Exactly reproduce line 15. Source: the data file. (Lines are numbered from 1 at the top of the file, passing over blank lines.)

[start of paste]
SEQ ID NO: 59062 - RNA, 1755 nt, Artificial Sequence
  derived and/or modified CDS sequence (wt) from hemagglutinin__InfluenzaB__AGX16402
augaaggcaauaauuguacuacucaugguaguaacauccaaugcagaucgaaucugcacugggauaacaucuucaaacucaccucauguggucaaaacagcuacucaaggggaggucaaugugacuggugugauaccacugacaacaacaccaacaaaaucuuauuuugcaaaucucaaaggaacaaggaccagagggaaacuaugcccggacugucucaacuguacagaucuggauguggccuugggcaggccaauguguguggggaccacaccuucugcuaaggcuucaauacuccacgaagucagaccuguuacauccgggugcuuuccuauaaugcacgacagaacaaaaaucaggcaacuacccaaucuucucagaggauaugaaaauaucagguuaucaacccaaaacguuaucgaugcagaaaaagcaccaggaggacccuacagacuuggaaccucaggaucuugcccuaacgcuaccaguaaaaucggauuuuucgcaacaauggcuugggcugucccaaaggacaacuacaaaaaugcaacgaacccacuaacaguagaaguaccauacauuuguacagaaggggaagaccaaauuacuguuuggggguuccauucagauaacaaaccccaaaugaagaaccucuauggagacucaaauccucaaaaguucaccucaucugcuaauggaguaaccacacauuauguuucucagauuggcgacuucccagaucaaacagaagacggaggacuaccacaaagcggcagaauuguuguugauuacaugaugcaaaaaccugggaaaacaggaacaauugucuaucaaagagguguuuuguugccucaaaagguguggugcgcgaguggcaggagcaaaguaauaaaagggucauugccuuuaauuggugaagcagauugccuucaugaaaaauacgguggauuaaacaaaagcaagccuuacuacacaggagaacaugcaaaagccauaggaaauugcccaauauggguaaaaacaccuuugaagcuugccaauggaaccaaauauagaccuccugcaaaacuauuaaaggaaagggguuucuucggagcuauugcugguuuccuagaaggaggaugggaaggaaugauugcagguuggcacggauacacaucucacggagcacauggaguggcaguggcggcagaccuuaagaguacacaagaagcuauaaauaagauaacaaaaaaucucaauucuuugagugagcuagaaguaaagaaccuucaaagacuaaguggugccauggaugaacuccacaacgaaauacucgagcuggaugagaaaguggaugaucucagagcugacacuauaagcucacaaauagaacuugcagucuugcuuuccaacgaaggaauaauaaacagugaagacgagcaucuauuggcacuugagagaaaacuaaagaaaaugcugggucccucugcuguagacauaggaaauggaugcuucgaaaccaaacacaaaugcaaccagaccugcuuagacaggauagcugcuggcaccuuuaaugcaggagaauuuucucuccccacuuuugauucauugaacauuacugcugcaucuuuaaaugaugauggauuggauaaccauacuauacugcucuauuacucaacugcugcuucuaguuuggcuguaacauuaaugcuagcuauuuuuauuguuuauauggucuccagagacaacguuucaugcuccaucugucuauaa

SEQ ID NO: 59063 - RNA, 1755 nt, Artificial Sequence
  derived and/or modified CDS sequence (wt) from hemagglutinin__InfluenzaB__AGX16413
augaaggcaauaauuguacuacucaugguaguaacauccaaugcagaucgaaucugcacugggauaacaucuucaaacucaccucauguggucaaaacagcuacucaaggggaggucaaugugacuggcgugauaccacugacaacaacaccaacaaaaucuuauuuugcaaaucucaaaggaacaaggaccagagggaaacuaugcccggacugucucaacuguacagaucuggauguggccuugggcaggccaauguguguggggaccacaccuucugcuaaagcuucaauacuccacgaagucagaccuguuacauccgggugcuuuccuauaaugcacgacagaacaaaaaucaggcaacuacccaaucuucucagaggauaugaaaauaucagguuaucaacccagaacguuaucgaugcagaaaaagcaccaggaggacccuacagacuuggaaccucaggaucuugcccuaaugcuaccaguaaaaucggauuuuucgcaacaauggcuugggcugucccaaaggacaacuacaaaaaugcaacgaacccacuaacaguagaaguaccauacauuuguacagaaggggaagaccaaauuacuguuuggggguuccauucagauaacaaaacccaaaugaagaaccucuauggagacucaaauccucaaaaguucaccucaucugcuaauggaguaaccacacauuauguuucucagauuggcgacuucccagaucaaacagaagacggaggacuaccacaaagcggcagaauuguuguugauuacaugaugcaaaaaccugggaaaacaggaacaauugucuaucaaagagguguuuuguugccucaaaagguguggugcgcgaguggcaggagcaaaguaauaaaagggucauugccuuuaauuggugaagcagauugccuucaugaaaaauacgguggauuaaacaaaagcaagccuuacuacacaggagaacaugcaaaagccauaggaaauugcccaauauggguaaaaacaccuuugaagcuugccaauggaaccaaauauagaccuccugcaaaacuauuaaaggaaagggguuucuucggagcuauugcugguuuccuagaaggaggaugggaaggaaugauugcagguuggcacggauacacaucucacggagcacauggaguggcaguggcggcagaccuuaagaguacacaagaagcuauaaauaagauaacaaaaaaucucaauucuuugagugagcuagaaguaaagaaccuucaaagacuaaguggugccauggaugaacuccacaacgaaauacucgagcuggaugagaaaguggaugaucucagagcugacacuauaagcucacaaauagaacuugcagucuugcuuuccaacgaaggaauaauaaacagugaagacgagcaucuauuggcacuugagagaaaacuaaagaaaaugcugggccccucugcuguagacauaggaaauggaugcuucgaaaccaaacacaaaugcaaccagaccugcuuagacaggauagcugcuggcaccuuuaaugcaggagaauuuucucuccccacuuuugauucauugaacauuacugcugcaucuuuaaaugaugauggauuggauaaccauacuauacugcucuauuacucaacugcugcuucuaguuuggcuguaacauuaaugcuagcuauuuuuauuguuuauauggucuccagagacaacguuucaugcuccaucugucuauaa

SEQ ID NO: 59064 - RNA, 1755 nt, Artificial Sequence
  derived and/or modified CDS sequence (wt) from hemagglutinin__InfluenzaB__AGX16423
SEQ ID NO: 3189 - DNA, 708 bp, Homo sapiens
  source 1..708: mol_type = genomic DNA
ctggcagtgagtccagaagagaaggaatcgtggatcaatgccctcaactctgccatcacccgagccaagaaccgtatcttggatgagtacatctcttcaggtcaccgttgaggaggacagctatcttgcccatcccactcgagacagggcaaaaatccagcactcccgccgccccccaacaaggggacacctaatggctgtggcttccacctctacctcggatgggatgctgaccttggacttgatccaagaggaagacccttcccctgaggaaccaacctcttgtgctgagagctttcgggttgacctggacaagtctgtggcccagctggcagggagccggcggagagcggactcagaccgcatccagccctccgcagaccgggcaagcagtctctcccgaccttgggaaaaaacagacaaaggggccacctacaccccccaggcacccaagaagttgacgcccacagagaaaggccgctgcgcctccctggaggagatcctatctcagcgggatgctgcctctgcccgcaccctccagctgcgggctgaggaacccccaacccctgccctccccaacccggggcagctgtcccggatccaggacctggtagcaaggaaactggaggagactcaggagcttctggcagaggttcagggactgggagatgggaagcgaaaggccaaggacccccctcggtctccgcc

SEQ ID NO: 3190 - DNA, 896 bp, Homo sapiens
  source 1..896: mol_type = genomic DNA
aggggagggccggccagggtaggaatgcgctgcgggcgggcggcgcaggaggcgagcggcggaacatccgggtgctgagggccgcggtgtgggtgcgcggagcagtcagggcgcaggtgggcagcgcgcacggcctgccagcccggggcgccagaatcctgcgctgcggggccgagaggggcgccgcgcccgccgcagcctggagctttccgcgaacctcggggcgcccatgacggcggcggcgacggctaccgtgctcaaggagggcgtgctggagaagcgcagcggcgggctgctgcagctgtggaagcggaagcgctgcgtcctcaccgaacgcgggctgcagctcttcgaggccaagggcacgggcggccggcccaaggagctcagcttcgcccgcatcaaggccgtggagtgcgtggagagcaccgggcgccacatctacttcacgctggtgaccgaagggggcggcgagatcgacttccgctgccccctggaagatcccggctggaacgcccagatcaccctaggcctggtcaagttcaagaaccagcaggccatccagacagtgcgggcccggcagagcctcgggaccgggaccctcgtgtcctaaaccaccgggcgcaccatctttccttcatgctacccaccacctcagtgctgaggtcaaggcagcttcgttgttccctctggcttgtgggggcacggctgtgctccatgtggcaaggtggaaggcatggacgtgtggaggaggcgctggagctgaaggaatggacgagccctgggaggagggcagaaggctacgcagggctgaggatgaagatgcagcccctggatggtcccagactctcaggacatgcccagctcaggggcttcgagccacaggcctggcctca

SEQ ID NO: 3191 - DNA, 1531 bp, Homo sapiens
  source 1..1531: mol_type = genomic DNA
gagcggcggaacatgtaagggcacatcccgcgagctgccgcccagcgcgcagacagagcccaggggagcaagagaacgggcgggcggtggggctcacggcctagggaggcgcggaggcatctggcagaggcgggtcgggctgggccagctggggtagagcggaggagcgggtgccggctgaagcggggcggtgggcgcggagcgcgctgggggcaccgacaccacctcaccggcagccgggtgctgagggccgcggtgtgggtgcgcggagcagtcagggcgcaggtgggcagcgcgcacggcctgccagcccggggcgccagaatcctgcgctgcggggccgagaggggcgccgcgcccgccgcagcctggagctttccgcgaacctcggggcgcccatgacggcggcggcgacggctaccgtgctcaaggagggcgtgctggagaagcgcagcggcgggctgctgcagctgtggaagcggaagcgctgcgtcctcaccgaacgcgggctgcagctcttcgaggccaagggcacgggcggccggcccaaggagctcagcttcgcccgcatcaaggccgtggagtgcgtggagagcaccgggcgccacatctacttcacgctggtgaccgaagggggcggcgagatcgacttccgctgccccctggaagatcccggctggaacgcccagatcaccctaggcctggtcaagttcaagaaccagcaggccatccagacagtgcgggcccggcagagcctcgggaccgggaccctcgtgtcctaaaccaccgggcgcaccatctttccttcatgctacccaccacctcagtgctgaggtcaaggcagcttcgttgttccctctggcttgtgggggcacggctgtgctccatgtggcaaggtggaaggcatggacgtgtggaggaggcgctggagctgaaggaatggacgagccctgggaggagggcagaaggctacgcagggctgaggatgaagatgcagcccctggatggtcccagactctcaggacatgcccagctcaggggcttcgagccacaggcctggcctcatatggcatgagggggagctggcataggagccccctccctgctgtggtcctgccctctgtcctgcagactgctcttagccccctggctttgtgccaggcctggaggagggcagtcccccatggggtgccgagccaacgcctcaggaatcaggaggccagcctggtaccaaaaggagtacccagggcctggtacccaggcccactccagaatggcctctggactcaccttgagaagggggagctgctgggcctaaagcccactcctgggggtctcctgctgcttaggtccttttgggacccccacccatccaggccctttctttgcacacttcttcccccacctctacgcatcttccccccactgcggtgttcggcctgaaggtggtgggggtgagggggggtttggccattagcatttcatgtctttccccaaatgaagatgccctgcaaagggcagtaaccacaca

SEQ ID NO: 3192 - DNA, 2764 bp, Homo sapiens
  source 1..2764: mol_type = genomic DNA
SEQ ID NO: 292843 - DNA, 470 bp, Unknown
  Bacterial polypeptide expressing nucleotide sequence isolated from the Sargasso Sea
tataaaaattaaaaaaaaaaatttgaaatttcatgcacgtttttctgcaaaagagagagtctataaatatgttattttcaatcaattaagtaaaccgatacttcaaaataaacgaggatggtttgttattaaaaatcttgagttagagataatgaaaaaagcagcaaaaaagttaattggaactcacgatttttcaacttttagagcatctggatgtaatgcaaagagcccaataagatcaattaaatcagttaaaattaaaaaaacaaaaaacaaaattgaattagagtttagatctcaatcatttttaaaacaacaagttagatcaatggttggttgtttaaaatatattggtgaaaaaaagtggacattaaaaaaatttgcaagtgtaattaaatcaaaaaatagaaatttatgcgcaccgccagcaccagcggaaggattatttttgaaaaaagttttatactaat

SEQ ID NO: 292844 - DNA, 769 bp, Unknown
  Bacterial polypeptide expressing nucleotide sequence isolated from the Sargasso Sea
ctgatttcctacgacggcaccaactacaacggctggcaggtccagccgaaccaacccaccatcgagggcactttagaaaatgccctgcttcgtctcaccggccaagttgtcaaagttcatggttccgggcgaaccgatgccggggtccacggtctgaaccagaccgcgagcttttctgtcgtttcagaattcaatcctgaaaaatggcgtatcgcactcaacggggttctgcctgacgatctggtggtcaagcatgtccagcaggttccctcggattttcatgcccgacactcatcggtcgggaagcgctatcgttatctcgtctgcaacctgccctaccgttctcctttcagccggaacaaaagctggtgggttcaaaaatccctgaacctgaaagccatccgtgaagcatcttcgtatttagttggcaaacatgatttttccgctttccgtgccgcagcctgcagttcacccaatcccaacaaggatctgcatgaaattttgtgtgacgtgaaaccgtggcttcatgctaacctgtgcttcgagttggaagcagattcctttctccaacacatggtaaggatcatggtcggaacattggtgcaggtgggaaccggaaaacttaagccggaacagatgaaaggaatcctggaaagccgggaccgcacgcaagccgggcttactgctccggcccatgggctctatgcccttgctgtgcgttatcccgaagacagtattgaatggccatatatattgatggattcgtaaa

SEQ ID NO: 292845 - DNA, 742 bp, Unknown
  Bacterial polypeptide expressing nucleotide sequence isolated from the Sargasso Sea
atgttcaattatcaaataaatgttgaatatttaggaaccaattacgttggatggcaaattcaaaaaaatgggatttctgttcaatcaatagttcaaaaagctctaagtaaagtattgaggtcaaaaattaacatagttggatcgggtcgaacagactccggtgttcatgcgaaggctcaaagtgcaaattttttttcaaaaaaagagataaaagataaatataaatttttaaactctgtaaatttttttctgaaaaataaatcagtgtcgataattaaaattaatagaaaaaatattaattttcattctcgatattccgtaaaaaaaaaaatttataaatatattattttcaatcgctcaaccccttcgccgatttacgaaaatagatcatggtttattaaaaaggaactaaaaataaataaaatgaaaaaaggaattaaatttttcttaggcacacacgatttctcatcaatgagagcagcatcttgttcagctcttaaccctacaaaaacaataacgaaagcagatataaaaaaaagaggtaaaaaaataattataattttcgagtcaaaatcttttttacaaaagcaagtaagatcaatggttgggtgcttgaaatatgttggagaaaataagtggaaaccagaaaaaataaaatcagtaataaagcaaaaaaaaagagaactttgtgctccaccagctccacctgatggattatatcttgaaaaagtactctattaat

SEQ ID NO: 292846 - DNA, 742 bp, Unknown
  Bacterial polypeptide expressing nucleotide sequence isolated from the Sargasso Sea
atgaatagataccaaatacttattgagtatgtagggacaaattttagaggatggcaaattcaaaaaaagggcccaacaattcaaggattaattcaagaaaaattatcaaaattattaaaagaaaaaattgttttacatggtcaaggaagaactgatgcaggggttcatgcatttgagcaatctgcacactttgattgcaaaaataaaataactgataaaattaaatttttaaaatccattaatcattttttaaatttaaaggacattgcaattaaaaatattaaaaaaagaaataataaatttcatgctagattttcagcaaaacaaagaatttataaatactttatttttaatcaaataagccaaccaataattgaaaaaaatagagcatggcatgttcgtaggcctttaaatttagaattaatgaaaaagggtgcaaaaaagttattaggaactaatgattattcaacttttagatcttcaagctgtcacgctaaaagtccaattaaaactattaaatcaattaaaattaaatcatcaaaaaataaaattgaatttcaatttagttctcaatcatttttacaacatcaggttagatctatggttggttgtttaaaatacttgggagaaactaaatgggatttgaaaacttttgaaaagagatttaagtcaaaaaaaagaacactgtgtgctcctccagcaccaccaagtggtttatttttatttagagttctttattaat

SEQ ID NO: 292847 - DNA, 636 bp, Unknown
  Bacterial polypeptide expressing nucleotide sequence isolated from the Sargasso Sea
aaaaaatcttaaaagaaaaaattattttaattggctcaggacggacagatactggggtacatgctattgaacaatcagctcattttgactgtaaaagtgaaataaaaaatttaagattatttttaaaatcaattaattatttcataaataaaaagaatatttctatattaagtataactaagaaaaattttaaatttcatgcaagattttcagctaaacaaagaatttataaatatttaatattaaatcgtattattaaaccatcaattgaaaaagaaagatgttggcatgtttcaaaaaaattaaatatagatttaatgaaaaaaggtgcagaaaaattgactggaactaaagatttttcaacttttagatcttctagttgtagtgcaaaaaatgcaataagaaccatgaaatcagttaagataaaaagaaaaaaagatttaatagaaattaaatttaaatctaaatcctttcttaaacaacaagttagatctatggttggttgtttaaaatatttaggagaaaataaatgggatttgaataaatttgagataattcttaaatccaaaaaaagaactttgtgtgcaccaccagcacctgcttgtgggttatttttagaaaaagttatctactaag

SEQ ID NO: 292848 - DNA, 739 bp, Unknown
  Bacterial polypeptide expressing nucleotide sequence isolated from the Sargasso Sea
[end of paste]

SEQ ID NO: 3191 - DNA, 1531 bp, Homo sapiens